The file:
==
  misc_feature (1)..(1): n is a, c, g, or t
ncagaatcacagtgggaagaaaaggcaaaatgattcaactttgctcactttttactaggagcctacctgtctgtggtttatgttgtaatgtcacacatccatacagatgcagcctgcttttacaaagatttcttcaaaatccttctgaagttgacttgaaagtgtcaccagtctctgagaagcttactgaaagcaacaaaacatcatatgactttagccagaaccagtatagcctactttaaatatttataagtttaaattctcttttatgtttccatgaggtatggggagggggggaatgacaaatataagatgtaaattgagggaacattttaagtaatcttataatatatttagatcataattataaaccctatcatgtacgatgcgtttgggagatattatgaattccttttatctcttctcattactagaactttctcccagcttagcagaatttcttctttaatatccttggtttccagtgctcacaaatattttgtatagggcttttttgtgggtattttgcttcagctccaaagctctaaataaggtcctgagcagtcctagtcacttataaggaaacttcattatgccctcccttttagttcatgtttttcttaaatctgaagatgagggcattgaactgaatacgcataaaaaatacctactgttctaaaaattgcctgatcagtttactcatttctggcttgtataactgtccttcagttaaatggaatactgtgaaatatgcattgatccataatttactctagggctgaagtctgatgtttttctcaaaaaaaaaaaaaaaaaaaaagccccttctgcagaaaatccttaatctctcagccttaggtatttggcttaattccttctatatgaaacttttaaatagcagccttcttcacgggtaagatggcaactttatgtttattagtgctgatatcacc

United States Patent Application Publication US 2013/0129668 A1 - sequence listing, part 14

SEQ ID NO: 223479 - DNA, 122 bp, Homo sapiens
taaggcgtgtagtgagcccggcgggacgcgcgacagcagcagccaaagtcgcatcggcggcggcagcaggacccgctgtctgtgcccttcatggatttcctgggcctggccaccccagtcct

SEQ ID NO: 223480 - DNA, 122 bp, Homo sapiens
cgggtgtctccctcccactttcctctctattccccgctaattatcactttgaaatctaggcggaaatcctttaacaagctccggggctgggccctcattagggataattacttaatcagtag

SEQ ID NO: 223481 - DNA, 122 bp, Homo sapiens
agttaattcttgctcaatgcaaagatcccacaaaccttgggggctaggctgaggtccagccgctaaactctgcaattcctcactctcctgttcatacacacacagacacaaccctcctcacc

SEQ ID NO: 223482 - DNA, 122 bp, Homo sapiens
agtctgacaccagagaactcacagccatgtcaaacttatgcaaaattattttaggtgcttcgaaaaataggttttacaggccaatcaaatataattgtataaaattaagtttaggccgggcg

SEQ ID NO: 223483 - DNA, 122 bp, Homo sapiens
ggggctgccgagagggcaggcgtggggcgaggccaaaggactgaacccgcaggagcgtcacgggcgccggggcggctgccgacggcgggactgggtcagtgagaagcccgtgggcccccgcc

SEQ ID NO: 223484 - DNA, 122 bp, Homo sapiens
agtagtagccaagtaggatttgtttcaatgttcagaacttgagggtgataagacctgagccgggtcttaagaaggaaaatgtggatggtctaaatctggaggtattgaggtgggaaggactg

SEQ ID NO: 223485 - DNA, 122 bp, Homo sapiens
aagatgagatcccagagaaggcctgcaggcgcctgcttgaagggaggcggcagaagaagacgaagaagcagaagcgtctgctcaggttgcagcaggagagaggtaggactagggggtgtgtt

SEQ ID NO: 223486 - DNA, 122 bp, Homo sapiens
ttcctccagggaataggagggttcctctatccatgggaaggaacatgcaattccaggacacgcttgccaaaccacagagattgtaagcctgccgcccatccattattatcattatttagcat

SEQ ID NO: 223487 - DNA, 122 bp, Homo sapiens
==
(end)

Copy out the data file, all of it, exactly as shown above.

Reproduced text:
  misc_feature (1)..(1): n is a, c, g, or t
ncagaatcacagtgggaagaaaaggcaaaatgattcaactttgctcactttttactaggagcctacctgtctgtggtttatgttgtaatgtcacacatccatacagatgcagcctgcttttacaaagatttcttcaaaatccttctgaagttgacttgaaagtgtcaccagtctctgagaagcttactgaaagcaacaaaacatcatatgactttagccagaaccagtatagcctactttaaatatttataagtttaaattctcttttatgtttccatgaggtatggggagggggggaatgacaaatataagatgtaaattgagggaacattttaagtaatcttataatatatttagatcataattataaaccctatcatgtacgatgcgtttgggagatattatgaattccttttatctcttctcattactagaactttctcccagcttagcagaatttcttctttaatatccttggtttccagtgctcacaaatattttgtatagggcttttttgtgggtattttgcttcagctccaaagctctaaataaggtcctgagcagtcctagtcacttataaggaaacttcattatgccctcccttttagttcatgtttttcttaaatctgaagatgagggcattgaactgaatacgcataaaaaatacctactgttctaaaaattgcctgatcagtttactcatttctggcttgtataactgtccttcagttaaatggaatactgtgaaatatgcattgatccataatttactctagggctgaagtctgatgtttttctcaaaaaaaaaaaaaaaaaaaaagccccttctgcagaaaatccttaatctctcagccttaggtatttggcttaattccttctatatgaaacttttaaatagcagccttcttcacgggtaagatggcaactttatgtttattagtgctgatatcacc

United States Patent Application Publication US 2013/0129668 A1 - sequence listing, part 14

SEQ ID NO: 223479 - DNA, 122 bp, Homo sapiens
taaggcgtgtagtgagcccggcgggacgcgcgacagcagcagccaaagtcgcatcggcggcggcagcaggacccgctgtctgtgcccttcatggatttcctgggcctggccaccccagtcct

SEQ ID NO: 223480 - DNA, 122 bp, Homo sapiens
cgggtgtctccctcccactttcctctctattccccgctaattatcactttgaaatctaggcggaaatcctttaacaagctccggggctgggccctcattagggataattacttaatcagtag

SEQ ID NO: 223481 - DNA, 122 bp, Homo sapiens
agttaattcttgctcaatgcaaagatcccacaaaccttgggggctaggctgaggtccagccgctaaactctgcaattcctcactctcctgttcatacacacacagacacaaccctcctcacc

SEQ ID NO: 223482 - DNA, 122 bp, Homo sapiens
agtctgacaccagagaactcacagccatgtcaaacttatgcaaaattattttaggtgcttcgaaaaataggttttacaggccaatcaaatataattgtataaaattaagtttaggccgggcg

SEQ ID NO: 223483 - DNA, 122 bp, Homo sapiens
ggggctgccgagagggcaggcgtggggcgaggccaaaggactgaacccgcaggagcgtcacgggcgccggggcggctgccgacggcgggactgggtcagtgagaagcccgtgggcccccgcc

SEQ ID NO: 223484 - DNA, 122 bp, Homo sapiens
agtagtagccaagtaggatttgtttcaatgttcagaacttgagggtgataagacctgagccgggtcttaagaaggaaaatgtggatggtctaaatctggaggtattgaggtgggaaggactg

SEQ ID NO: 223485 - DNA, 122 bp, Homo sapiens
aagatgagatcccagagaaggcctgcaggcgcctgcttgaagggaggcggcagaagaagacgaagaagcagaagcgtctgctcaggttgcagcaggagagaggtaggactagggggtgtgtt

SEQ ID NO: 223486 - DNA, 122 bp, Homo sapiens
ttcctccagggaataggagggttcctctatccatgggaaggaacatgcaattccaggacacgcttgccaaaccacagagattgtaagcctgccgcccatccattattatcattatttagcat

SEQ ID NO: 223487 - DNA, 122 bp, Homo sapiens